Surma People - FOOTPRINT Ethiopia Tours & Travel


Surma People

Surma People, a group of some 25,000 Nilotic-speakers divided into three main subgroups, the Mursi, chai and Tirma0 all of which still adhere to a traditional pastoralist lifestyle. Best known for the lip plates worn by their women, the various Surma subgroups all participate in a rigid but egalitarian political system based around age-sets similar to those of the related Maasai of the Kenyan-Tanzanian border area.
Surma people is very much like Mursi Tribes, and they also know for Stick fighting called Donga or Saginay bringing great prestige to men — it is especially important when seeking a bride — and they are very competitive, at the risk of serious injury and occasional death. The males are often shaved bald, and frequently wear little or no clothes, even during stick fights.
At a young age, to beautify themselves for marriage, most women have their bottom teeth removed and their bottom lip pierced, then stretched, so as to allow insertion of a clay lip plate. Some women have stretched their lips so as to allow plates up to sixteen inches in diameter. Increasing with exposure to other cultures, however, a growing number of girls now refrain from this practice. Their children are sometimes painted with white clay paint, which may be dotted on the face or body. Both the men and women scar their bodies. If you see a Suri (Surma) man with a scar usually implies he has killed a rival tribe.
They raise cattle and farm when the land is fertile. Cattle are important to the Suri, as it is a status. In order for a man to marry women in Surma (Suri) tribe, he must own at least 60 cattle and Cattle are given to the family of the woman in exchange for marriage. Like the other Omo Valley tribes and Massia, the Surma will use the milk and blood from the cow. During the dry season, the people will drink blood instead of milk. Blood can be drained from a cow once a month. This is done by making a small incision in its neck.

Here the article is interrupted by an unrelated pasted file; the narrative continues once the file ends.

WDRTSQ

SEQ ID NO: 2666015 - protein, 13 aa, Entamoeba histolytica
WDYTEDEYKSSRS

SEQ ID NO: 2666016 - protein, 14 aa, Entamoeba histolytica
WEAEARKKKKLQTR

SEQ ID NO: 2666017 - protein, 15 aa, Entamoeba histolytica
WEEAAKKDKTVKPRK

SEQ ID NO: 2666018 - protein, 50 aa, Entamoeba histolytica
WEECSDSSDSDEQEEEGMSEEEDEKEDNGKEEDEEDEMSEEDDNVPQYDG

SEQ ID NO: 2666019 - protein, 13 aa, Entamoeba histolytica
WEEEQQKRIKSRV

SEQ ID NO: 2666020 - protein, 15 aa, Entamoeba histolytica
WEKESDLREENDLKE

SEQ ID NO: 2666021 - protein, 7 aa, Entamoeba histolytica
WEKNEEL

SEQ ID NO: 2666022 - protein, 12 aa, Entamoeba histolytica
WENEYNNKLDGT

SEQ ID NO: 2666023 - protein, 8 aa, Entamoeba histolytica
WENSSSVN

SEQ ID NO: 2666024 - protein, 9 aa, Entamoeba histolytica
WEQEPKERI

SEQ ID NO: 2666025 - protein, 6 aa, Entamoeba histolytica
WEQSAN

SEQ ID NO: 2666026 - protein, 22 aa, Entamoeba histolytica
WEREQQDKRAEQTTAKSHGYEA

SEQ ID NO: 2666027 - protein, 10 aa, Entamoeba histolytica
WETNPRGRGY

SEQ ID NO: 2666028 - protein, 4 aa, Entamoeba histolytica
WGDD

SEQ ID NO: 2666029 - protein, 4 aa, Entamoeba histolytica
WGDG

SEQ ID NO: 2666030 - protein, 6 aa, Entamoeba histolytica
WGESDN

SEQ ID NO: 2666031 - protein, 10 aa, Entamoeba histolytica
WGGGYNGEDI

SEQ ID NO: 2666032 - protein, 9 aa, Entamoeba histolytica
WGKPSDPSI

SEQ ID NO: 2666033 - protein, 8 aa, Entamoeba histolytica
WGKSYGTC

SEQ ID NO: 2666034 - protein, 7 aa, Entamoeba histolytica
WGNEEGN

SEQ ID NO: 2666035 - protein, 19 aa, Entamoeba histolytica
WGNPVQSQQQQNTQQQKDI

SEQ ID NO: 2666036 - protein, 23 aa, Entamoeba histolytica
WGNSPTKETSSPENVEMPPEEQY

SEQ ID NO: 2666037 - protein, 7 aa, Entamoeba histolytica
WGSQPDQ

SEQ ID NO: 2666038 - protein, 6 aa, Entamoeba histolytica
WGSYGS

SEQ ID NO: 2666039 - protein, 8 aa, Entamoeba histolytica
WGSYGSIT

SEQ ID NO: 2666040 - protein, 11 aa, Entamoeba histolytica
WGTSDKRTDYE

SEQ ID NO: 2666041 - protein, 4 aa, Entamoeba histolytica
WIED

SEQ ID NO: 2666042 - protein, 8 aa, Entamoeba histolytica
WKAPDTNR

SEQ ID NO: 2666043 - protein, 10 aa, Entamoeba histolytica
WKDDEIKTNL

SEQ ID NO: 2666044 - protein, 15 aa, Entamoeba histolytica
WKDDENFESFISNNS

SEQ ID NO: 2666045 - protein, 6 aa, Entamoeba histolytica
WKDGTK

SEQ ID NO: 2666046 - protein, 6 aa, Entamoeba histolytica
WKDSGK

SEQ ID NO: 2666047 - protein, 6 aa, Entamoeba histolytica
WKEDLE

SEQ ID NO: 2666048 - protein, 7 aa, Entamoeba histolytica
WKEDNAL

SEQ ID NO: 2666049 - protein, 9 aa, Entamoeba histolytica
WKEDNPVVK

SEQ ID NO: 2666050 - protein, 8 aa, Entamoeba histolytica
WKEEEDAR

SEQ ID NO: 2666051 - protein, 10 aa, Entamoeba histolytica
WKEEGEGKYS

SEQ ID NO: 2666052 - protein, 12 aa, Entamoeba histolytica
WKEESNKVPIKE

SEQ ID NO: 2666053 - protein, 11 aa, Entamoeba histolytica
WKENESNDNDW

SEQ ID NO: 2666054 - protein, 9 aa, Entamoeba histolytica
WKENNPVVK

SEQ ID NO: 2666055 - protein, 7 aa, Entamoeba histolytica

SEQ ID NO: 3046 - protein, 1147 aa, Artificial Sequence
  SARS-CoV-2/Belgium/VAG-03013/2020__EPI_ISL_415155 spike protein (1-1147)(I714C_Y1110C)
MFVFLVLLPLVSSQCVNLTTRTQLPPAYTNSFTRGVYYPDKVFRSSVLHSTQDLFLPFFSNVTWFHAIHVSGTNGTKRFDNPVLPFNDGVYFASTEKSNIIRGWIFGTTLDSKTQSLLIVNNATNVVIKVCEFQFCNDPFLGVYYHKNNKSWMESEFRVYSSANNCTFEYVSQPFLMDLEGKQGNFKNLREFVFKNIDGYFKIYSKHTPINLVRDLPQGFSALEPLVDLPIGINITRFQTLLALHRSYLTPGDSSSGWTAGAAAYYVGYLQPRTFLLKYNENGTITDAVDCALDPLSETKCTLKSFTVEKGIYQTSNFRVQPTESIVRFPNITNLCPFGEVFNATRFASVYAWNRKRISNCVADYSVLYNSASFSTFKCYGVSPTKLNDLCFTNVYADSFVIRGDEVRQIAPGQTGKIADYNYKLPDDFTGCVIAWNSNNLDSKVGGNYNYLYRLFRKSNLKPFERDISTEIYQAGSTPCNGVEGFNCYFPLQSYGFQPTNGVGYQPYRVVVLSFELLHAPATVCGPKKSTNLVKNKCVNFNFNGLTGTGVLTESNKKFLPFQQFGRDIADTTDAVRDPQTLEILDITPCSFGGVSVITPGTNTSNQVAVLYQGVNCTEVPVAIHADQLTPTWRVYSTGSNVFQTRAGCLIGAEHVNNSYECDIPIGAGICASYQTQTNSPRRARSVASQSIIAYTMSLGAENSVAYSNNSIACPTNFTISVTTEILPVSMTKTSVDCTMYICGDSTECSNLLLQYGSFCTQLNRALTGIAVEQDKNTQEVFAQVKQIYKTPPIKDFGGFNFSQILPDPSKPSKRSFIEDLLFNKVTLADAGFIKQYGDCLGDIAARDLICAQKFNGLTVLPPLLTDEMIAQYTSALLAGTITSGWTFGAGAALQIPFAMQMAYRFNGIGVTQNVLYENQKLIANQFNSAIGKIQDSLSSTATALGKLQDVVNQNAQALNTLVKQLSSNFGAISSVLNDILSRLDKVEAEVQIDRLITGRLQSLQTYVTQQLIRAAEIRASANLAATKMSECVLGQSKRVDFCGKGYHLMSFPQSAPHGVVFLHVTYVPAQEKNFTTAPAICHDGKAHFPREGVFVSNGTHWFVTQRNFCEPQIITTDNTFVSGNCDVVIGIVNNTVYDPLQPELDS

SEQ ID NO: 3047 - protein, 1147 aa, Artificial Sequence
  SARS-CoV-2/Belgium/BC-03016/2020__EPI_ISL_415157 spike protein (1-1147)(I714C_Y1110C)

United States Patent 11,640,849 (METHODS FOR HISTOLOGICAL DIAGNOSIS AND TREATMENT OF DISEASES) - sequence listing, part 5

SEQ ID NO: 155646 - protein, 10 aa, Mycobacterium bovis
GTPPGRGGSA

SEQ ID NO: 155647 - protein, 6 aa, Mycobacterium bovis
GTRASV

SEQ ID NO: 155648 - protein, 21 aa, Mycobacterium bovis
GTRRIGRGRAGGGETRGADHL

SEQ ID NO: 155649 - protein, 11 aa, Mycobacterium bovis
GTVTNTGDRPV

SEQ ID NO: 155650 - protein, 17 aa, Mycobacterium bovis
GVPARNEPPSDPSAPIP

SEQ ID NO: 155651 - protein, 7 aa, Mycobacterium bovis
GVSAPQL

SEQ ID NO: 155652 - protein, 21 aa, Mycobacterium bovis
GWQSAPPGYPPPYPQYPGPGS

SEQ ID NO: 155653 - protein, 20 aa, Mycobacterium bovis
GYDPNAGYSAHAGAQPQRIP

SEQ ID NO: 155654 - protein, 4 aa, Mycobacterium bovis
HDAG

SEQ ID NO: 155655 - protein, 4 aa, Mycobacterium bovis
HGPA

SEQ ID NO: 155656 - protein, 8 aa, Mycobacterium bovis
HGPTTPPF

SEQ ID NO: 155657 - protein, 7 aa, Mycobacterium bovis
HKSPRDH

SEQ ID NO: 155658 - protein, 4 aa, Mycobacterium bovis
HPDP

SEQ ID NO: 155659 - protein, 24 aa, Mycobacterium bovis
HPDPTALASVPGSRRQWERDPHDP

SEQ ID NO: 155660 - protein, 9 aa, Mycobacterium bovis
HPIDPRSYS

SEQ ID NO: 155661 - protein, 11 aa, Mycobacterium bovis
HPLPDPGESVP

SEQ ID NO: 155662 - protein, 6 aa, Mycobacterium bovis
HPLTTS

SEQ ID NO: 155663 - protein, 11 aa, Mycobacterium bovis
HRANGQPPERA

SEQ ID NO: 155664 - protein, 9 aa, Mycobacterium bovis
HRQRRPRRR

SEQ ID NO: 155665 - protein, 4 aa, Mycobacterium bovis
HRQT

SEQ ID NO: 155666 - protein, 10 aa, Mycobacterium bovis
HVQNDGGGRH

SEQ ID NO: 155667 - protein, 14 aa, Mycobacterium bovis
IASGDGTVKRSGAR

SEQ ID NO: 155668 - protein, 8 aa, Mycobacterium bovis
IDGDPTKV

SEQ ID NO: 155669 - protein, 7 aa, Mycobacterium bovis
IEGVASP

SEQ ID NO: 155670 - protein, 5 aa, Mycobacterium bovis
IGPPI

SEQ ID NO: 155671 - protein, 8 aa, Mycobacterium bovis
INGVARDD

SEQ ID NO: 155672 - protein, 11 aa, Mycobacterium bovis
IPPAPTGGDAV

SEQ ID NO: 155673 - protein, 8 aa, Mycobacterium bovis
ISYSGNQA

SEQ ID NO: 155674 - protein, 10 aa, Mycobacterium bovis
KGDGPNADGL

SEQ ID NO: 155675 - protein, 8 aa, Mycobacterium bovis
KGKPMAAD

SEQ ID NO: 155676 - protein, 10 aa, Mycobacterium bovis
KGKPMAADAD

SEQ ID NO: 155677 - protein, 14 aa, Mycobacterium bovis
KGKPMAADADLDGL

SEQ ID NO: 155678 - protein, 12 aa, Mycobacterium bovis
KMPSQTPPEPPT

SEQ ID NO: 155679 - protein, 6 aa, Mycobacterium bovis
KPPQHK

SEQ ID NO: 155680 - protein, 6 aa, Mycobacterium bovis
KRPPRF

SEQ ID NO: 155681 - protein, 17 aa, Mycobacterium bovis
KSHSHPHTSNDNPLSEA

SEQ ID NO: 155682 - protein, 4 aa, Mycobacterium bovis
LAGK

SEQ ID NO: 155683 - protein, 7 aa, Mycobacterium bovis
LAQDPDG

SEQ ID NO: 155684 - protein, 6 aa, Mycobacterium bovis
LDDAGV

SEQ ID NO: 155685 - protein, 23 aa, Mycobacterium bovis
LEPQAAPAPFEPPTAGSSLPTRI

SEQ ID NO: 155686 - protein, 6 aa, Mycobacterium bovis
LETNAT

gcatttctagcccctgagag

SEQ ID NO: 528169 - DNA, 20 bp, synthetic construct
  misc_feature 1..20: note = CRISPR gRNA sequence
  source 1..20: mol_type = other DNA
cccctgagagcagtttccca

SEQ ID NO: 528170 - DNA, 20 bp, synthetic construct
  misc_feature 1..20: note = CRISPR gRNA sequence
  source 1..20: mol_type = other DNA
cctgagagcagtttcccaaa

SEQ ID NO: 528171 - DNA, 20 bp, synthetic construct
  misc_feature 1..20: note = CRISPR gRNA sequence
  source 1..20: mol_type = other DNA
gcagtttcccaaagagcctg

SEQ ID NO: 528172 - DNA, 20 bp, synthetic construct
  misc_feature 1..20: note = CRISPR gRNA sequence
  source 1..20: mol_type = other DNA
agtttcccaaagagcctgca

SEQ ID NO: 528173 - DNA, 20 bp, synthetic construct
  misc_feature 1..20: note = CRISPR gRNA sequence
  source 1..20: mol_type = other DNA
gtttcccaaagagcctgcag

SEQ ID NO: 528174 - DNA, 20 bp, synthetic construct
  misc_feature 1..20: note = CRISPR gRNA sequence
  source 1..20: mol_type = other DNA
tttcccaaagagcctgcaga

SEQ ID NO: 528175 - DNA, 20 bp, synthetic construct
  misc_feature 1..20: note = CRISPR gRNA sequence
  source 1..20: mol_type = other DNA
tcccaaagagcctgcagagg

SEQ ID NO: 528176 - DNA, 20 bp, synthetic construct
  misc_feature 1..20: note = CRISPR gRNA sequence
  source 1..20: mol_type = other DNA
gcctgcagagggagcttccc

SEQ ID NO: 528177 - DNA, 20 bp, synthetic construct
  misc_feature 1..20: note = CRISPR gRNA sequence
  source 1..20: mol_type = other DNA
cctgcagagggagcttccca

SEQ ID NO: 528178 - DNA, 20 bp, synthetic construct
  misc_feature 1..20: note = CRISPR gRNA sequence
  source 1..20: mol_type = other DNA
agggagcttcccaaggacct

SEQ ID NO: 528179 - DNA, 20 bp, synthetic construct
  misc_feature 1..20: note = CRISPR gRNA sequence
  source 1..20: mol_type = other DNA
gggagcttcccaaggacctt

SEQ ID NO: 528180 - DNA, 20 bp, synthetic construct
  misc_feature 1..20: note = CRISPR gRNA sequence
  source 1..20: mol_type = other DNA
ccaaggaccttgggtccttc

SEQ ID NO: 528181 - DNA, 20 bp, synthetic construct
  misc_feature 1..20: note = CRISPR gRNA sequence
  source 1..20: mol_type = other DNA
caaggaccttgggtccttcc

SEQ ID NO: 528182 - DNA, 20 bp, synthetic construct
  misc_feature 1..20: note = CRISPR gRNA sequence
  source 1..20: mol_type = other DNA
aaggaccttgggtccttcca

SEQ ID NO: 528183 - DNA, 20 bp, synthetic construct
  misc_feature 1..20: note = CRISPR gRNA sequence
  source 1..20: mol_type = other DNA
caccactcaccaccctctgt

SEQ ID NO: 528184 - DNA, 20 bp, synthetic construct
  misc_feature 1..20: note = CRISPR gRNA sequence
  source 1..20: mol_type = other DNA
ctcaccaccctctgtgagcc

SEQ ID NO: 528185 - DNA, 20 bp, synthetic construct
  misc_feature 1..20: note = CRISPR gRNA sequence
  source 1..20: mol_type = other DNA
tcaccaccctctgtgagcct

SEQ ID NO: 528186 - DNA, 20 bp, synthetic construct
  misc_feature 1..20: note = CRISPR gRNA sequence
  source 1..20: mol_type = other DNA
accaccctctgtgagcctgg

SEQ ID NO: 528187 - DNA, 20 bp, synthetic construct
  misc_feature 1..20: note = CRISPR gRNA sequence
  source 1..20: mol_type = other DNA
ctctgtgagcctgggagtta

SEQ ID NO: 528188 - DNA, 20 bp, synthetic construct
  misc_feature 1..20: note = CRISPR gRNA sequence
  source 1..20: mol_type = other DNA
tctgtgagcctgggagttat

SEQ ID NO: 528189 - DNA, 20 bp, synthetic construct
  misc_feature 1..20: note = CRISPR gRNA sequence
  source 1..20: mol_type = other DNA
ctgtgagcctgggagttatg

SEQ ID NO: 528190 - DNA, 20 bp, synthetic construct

Their villages normally range in size from 40 to 1,000 people, but a few may reach 2,500 people. Village life is largely communal, sharing the produce of the cattle. Though their chiefs (styled komaro) may wear the fur crown of a pagan priest-king, they are merely the most respected elder in a village and they can be removed. Few Surma are familiar with Amharic, the official language of Ethiopia, and their literacy level is very low.

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